A Labour politician has become the latest figure to find himself in the firing line over the ongoing expenses row.
David Chaytor, a back bench MP, has admitted that he claimed almost £13,000 in interest payments for a mortgage which he had already repaid.
Mr Chaytor is the second MP to be named as having made illegitimate mortgage claims and could face a criminal inquiry into his expenses.
He said that he had made an “unforgivable error”, but is likely to be suspended from the Parliamentary Labour Party.
The scandal, which has been prompted by coverage in the Daily Telegraph, continued to cause serious turmoil among politicians in Westminster yesterday.
Shahid Malik, the Justice Minister, was forced to step down and Scotland Yard began initial inquiries into questionable claims by several MPs.
According to the Daily Telegraph, between September 2005 and August 2006 Mr Chaytor claimed £1,175 a month for mortgage interest on a Westminster flat. However, Land Registry records show that the mortgage on the flat had already been paid off in January 2004.
Last night, Mr Chaytor apologised “unreservedly”.
“In respect of mortgage interest payments, there has been an unforgivable error in my accounting procedures for which I apologise unreservedly,” he said in a statement.
“I will act immediately to ensure repayment is made to the fees office.”
Lawyers said that his claims, which were similar to those made by Elliot Morley, the former Environment Minister, could constitute a criminal offence under the 2006 Fraud Act and the 1968 Theft Act. Since 2004 Mr Chaytor has claimed for five different properties, ‘flipping’ his designated second home between London, Yorkshire and Bury. He claimed for one home where his son was the named occupant on council tax bills.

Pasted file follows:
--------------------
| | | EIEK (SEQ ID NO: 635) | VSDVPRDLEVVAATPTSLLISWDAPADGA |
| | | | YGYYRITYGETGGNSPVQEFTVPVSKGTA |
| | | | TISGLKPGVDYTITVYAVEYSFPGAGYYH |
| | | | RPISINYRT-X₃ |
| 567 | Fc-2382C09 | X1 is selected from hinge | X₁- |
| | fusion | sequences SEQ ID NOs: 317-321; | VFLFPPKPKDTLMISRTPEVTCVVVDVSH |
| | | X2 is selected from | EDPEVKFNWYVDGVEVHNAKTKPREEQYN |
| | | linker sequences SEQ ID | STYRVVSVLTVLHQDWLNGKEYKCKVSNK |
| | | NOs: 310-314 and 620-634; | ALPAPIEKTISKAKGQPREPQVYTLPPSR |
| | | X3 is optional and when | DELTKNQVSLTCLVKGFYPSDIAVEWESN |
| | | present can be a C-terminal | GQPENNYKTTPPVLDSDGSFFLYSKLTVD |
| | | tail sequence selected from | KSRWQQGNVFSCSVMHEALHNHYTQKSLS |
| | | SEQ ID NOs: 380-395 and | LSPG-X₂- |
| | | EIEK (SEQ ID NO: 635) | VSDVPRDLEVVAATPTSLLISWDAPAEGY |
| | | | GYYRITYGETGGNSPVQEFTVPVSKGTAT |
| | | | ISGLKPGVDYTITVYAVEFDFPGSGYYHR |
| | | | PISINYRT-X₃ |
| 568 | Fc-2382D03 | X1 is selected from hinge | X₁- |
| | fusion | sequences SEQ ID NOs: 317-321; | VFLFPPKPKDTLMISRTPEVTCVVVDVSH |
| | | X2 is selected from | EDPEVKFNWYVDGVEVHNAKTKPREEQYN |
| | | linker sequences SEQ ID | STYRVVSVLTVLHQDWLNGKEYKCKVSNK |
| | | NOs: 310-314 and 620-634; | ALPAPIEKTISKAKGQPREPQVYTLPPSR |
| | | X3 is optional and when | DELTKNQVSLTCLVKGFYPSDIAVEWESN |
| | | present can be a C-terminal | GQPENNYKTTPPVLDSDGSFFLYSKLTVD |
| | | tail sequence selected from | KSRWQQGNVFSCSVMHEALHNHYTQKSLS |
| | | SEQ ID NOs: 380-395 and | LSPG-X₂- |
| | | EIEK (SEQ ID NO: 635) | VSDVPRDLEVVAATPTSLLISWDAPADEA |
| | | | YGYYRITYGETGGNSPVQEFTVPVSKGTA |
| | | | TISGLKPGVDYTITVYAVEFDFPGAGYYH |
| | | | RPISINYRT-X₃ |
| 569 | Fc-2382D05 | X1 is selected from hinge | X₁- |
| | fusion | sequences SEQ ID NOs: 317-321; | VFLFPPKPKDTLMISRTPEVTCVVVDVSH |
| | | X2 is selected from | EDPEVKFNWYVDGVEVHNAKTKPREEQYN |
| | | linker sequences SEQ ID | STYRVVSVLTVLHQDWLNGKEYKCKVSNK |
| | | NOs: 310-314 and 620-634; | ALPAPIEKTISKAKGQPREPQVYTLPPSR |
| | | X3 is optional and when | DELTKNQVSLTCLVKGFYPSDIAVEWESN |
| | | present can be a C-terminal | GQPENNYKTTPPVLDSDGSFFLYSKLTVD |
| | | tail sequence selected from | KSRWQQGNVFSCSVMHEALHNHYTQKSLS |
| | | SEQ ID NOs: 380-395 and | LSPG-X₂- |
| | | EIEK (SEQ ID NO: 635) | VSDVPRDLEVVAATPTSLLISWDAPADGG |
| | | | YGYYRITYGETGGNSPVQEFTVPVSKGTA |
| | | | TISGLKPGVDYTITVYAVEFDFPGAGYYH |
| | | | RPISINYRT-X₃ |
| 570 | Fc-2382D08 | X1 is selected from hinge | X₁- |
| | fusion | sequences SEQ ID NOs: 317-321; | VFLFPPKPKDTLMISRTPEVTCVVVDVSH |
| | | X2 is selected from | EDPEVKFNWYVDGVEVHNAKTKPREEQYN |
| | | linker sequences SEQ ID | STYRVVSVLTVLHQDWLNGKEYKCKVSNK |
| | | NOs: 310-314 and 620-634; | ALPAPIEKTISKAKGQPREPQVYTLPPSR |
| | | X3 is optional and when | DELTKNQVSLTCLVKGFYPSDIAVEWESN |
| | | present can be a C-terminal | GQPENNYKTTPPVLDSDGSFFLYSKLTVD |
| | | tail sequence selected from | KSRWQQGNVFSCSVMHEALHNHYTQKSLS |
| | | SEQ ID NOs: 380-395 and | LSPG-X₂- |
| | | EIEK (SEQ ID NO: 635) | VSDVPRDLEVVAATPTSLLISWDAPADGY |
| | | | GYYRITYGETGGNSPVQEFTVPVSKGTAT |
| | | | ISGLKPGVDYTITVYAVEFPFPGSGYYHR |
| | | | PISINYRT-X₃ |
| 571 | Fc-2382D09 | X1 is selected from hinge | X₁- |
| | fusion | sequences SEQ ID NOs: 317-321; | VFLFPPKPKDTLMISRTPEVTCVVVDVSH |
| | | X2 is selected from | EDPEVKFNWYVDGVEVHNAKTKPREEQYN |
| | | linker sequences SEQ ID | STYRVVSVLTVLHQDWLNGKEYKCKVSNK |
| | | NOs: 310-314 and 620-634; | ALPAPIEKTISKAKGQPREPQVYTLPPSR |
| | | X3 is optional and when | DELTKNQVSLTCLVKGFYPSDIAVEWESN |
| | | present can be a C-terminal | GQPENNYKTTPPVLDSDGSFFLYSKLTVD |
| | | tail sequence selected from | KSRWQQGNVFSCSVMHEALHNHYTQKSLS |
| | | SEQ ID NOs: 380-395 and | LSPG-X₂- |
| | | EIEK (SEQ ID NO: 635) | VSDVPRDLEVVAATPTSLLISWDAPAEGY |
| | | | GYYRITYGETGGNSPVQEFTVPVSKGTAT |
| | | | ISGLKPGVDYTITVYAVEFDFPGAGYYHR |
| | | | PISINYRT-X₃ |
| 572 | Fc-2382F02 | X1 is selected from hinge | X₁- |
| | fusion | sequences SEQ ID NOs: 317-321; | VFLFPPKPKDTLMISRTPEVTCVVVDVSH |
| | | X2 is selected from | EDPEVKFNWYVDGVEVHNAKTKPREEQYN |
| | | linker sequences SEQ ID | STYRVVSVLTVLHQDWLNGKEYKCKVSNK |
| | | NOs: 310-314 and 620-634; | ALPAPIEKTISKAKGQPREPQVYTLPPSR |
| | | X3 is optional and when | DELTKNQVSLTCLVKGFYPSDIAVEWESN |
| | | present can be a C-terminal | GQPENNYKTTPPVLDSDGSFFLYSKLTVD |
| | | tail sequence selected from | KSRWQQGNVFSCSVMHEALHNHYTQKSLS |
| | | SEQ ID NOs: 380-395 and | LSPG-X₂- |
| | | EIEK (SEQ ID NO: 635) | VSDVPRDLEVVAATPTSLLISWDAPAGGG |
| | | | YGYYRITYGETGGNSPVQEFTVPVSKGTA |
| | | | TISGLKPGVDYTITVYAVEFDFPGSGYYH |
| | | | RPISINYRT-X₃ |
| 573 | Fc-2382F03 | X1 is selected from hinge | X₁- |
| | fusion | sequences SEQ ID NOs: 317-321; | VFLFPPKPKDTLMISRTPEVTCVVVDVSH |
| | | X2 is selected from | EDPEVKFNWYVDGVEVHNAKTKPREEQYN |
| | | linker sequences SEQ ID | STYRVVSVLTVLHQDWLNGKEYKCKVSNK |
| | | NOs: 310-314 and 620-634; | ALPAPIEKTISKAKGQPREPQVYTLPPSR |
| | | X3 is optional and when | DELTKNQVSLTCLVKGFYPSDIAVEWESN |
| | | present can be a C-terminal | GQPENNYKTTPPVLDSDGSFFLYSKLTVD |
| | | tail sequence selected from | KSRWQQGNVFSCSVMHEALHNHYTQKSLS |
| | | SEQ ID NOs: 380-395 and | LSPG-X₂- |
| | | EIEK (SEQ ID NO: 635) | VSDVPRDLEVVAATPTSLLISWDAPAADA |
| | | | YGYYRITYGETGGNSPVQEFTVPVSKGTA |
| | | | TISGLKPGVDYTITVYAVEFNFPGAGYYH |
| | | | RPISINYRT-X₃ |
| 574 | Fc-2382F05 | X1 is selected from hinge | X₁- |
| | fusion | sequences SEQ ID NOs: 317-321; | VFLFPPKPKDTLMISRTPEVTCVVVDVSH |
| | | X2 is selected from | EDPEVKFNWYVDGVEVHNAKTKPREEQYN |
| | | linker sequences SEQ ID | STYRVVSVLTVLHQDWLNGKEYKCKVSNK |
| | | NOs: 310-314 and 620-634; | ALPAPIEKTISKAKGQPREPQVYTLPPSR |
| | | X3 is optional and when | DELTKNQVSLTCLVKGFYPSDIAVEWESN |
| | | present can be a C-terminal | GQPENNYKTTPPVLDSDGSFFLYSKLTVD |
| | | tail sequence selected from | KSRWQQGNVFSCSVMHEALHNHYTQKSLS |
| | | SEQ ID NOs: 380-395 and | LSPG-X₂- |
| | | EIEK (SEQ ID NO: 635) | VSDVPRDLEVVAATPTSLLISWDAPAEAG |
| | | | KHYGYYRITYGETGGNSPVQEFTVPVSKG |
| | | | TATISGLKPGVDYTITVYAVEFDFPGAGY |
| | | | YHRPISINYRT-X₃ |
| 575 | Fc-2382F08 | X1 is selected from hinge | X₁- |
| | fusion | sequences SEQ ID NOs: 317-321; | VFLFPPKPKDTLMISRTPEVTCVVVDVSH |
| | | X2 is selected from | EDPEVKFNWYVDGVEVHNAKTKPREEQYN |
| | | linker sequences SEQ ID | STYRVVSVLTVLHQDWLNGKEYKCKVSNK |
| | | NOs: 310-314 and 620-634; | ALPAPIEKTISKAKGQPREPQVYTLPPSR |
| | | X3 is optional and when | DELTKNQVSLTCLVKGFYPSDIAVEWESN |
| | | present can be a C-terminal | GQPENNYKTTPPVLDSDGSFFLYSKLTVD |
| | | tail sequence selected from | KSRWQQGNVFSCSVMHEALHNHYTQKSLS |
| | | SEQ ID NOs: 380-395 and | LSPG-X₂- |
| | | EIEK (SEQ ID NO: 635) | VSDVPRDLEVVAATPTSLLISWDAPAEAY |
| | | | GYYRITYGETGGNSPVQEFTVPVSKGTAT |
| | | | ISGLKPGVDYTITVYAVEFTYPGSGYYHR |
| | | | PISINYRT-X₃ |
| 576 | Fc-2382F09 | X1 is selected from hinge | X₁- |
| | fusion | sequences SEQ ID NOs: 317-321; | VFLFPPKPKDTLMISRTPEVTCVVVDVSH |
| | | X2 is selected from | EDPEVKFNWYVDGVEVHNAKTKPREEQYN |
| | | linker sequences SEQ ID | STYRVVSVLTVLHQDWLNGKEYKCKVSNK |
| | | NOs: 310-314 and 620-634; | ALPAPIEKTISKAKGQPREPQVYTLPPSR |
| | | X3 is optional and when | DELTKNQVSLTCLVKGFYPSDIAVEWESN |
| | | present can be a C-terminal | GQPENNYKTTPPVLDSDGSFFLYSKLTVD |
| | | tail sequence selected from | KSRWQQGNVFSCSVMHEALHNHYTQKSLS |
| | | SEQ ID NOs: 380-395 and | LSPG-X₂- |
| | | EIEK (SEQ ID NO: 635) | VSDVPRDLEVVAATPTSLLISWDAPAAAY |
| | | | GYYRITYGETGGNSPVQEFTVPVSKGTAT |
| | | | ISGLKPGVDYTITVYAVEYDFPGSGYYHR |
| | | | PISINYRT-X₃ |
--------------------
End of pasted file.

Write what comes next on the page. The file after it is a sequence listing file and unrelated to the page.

His prompt admission of wrongdoing underlined the growing concern in Westminster that there were serious abuses of the expenses system that MPs failed to disclose to their party leaders or Parliamentary whips.
Yesterday David Cameron ordered his MPs to return to their constituencies and justify their behaviour. Today, the Telegraph has disclosed more details of “excessive” claims, with MPs switching between different properties or buying expensive items for their homes.
It has been be disclosed that:
- Sir Gerald Kaufman, the former Labour Environment Minister, charged £1,851 for a rug he imported from a New York antiques centre and tried to claim £8,865 for a television.
- Chris Bryant, the deputy leader of the House of Commons, ‘flipped’ his second home twice in two years, allowing him to claim almost £20,000 from expenses.
- Anthony Steen, a long-standing Conservative MP, claimed expenses for looking after 500 trees.
Mr Chaytor was abroad last night on a taxpayer-funded trip to America with the Children, Schools and Families select committee, but he was expected to return to Britain immediately to face Labour Party officials and his constituents.
In a statement he said: “Changing and complex family circumstances have required me to live in different places during the last five years. During this time I should have ensured that my mortgage had been switched to the flat in which I was temporarily living. Stupidly and inexplicably, and at a time of great personal and family stress, I failed to ensure that this was done.”